Below is an excerpt from
John McKeown's January Mailer where he continues the
discussion concerning industrial design registrations.
In order to successfully register a design, the applied for
design must be original. Originality is not limited to Canada and
is universal. An individual cannot copy a design which has been
published outside Canada and then attempt to register it on the
basis that it is original in Canada.
The courts have said that use of the word "original"
suggests the exercise of intellectual activity to originate, for
the first time, something by applying a pattern, shape or ornament
to subject-matter to which it had not been applied before. The
design is the focus of consideration not the article to which it is
To be original there must be a substantial difference between
the design in issue and pre-existing designs. A minor change or
other insubstantial variation from pre-existing designs will not be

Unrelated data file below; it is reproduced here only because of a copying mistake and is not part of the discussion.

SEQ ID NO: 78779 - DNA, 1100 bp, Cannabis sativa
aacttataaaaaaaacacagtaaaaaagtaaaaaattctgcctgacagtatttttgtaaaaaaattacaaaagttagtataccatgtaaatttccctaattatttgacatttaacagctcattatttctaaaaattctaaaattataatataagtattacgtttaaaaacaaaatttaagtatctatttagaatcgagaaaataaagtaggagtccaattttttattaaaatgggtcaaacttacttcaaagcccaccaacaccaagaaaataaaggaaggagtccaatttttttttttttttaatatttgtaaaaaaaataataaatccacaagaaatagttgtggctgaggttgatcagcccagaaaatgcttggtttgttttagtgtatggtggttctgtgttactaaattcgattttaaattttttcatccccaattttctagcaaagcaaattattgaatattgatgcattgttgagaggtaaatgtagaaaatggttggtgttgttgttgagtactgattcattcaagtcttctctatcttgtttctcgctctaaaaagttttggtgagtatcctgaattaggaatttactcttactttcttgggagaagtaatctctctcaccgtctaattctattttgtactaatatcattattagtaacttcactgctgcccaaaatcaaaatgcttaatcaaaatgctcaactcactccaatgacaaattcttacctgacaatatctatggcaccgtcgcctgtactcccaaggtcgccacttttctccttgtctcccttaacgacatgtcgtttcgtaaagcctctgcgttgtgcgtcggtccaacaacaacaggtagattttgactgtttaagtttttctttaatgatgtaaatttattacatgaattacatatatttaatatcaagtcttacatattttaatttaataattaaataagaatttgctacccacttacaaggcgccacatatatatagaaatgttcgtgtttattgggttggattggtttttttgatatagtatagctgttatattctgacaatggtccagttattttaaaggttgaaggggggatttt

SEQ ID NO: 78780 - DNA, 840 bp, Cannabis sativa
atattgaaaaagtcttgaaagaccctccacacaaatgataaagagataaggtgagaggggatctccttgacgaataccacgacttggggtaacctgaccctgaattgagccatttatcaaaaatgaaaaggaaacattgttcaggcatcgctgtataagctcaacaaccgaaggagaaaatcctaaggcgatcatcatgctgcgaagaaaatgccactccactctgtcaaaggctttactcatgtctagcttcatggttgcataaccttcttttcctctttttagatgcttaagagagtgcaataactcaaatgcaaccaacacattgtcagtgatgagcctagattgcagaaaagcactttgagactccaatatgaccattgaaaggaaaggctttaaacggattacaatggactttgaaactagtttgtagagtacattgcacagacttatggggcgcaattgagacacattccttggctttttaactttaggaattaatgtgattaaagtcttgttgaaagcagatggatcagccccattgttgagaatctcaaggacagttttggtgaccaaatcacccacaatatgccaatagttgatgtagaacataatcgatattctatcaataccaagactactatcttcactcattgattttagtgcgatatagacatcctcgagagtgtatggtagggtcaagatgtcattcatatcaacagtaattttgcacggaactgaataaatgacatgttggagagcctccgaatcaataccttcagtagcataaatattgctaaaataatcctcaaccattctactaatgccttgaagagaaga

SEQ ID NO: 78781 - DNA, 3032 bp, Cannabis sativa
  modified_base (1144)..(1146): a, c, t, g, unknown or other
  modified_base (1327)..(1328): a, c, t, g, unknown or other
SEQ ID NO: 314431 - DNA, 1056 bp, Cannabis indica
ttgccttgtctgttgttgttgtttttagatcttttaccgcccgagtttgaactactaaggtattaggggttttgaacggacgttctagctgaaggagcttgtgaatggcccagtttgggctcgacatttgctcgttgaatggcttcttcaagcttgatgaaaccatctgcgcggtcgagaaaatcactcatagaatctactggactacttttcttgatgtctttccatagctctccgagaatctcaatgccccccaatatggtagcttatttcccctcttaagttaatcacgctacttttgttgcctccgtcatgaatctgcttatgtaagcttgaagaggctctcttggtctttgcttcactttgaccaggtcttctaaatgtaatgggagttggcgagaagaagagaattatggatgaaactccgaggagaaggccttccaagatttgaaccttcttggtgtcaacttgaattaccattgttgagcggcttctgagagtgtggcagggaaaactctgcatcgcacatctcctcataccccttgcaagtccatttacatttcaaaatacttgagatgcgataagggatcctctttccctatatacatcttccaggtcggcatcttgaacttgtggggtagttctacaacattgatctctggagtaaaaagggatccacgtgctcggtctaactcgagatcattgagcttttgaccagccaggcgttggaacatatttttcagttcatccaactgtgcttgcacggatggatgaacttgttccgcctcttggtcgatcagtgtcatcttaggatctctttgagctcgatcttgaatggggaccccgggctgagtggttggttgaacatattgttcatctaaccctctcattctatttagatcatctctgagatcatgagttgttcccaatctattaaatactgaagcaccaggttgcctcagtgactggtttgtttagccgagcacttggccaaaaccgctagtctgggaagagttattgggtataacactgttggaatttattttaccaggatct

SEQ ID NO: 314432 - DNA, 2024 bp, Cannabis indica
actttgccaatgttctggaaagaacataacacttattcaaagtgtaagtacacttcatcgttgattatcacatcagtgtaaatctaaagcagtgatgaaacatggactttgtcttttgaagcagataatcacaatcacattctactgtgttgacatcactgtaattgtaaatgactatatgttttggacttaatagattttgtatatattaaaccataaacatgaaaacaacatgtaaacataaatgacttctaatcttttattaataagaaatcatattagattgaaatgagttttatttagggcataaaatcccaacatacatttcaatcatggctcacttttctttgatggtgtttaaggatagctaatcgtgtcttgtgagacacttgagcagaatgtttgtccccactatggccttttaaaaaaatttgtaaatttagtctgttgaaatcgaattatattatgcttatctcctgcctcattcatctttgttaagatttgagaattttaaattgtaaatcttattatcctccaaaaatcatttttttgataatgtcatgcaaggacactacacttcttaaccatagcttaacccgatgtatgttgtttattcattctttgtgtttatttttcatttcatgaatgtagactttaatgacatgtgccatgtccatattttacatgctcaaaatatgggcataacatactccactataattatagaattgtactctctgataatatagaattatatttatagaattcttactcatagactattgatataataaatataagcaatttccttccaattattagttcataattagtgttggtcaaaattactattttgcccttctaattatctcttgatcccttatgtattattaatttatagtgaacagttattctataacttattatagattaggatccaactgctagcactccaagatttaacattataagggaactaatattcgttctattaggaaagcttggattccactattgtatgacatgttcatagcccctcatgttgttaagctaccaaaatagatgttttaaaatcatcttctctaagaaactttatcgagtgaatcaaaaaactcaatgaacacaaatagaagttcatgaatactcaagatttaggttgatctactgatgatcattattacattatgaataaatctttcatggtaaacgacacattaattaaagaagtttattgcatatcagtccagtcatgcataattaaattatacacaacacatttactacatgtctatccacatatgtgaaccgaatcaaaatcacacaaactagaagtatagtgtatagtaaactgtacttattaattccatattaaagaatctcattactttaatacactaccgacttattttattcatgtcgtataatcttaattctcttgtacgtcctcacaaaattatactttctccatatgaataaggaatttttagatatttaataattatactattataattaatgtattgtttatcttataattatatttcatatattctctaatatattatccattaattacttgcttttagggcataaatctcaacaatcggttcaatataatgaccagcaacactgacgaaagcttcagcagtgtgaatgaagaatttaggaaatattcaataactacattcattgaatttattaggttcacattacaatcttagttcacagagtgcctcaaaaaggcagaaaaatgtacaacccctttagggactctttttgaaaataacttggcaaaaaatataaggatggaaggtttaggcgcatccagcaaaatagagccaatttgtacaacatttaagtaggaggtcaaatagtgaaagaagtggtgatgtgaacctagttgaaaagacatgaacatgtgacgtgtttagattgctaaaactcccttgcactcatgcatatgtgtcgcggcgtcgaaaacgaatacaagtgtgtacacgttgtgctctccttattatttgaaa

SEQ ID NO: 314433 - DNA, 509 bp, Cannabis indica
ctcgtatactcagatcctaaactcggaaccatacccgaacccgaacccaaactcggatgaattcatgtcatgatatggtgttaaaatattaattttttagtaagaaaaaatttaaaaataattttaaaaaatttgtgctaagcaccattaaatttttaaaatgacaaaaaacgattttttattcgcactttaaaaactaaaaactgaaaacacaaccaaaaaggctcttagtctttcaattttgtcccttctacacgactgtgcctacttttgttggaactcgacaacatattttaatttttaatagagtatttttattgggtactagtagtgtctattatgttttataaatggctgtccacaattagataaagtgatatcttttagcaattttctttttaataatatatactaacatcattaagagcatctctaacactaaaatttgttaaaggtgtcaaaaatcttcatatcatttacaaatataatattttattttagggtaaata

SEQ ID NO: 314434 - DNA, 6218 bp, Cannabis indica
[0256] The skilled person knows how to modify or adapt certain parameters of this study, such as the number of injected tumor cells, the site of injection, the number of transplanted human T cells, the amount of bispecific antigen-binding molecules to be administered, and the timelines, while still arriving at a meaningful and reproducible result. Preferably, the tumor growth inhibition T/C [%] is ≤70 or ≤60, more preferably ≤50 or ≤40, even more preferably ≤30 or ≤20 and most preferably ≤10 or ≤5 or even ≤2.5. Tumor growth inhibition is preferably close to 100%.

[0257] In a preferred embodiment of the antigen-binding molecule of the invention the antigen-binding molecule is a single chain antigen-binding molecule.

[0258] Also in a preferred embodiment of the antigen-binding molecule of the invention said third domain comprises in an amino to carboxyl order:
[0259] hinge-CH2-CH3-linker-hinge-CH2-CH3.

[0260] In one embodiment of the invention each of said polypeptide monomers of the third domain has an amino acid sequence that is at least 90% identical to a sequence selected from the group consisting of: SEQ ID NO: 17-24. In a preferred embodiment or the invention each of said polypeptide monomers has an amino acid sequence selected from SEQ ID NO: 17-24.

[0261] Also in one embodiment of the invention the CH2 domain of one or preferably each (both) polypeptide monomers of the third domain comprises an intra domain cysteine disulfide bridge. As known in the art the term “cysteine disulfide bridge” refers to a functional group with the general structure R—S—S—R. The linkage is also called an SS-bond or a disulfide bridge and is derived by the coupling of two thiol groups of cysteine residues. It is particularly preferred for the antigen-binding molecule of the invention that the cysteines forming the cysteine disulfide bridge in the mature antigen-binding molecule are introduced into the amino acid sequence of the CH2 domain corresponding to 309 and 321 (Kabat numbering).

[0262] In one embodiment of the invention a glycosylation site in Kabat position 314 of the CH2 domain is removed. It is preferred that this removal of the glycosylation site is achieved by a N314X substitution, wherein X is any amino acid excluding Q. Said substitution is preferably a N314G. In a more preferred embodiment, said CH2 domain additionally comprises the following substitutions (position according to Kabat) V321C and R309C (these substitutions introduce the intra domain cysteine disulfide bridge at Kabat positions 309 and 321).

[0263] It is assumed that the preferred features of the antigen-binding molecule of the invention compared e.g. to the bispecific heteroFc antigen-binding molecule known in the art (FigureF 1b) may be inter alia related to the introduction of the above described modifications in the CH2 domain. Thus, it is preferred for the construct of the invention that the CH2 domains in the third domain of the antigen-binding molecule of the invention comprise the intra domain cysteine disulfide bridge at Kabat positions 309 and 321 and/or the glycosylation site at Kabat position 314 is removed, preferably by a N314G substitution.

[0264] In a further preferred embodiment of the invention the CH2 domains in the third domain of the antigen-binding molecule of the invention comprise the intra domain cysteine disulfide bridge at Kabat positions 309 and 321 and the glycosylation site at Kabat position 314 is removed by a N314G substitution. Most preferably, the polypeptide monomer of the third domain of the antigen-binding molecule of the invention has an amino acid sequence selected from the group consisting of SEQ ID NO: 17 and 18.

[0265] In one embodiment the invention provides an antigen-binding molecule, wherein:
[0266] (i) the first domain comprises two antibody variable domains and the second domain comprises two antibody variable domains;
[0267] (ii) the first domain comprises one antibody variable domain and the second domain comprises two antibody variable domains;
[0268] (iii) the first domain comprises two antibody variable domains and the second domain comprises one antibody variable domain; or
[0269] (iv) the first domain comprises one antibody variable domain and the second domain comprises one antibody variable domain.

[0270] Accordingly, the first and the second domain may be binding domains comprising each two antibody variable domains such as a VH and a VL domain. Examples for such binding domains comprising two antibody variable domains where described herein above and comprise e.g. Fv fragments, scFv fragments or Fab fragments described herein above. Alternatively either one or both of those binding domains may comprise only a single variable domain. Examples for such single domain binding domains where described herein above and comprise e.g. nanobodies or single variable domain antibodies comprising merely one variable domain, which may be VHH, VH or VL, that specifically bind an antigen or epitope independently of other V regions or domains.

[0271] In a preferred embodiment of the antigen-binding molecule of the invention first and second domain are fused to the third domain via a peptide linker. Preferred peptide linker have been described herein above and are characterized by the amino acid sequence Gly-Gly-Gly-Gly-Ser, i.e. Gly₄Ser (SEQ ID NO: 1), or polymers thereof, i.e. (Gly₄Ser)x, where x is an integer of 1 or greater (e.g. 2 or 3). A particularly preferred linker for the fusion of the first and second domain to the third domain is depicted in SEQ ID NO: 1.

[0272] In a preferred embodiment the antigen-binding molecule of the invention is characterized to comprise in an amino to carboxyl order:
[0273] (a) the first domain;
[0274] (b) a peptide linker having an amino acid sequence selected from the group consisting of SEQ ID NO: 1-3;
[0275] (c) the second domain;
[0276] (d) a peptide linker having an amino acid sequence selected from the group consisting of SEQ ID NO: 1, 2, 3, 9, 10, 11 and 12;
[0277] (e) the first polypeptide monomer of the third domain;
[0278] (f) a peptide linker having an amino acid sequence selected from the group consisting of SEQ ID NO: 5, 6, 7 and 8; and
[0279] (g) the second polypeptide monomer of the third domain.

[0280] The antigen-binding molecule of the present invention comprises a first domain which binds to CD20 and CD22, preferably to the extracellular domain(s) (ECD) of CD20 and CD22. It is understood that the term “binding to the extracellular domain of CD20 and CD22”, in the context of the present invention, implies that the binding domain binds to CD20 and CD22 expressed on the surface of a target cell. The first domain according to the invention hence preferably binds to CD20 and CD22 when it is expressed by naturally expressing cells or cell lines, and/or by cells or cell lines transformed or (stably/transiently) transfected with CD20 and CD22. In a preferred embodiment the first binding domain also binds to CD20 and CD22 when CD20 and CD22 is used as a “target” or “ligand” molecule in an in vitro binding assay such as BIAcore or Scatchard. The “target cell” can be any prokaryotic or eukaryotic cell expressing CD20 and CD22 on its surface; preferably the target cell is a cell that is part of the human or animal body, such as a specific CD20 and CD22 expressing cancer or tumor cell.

sufficiently original to allow a registration to be obtained.
Originality requires at least a spark of inspiration on the part of
the designer to create a new design or a new application of an old
The primary consideration in determining whether a design is
original is appeal to the eye. However, the eye should be that of
an informed consumer who is aware of what was common to the trade
for the class of articles to which the design is applied.
The application of an old shape or pattern to a new subject
matter may be original. It is also possible to take old designs and
combine them to form a new design for which a valid registration
may be obtained so long as the combination results in an original
design which is substantially different from any of the old designs
or any known combination of them.
Originality is assessed as of the date of the creation of the
design not the date of its registration. Prior publications
including patent specifications may be referred to. However, such
prior documents must contain clear and unmistakable directions to
make the article in the shape of the industrial design, in order to
A recent Saskatchewan Court of Queen's Bench decision allowed a court-appointed receiver to sell and transfer intellectual property rights free and clear of encumbrances, finding that a license to use improvements of an invention was a contractual interest and not a property interest.
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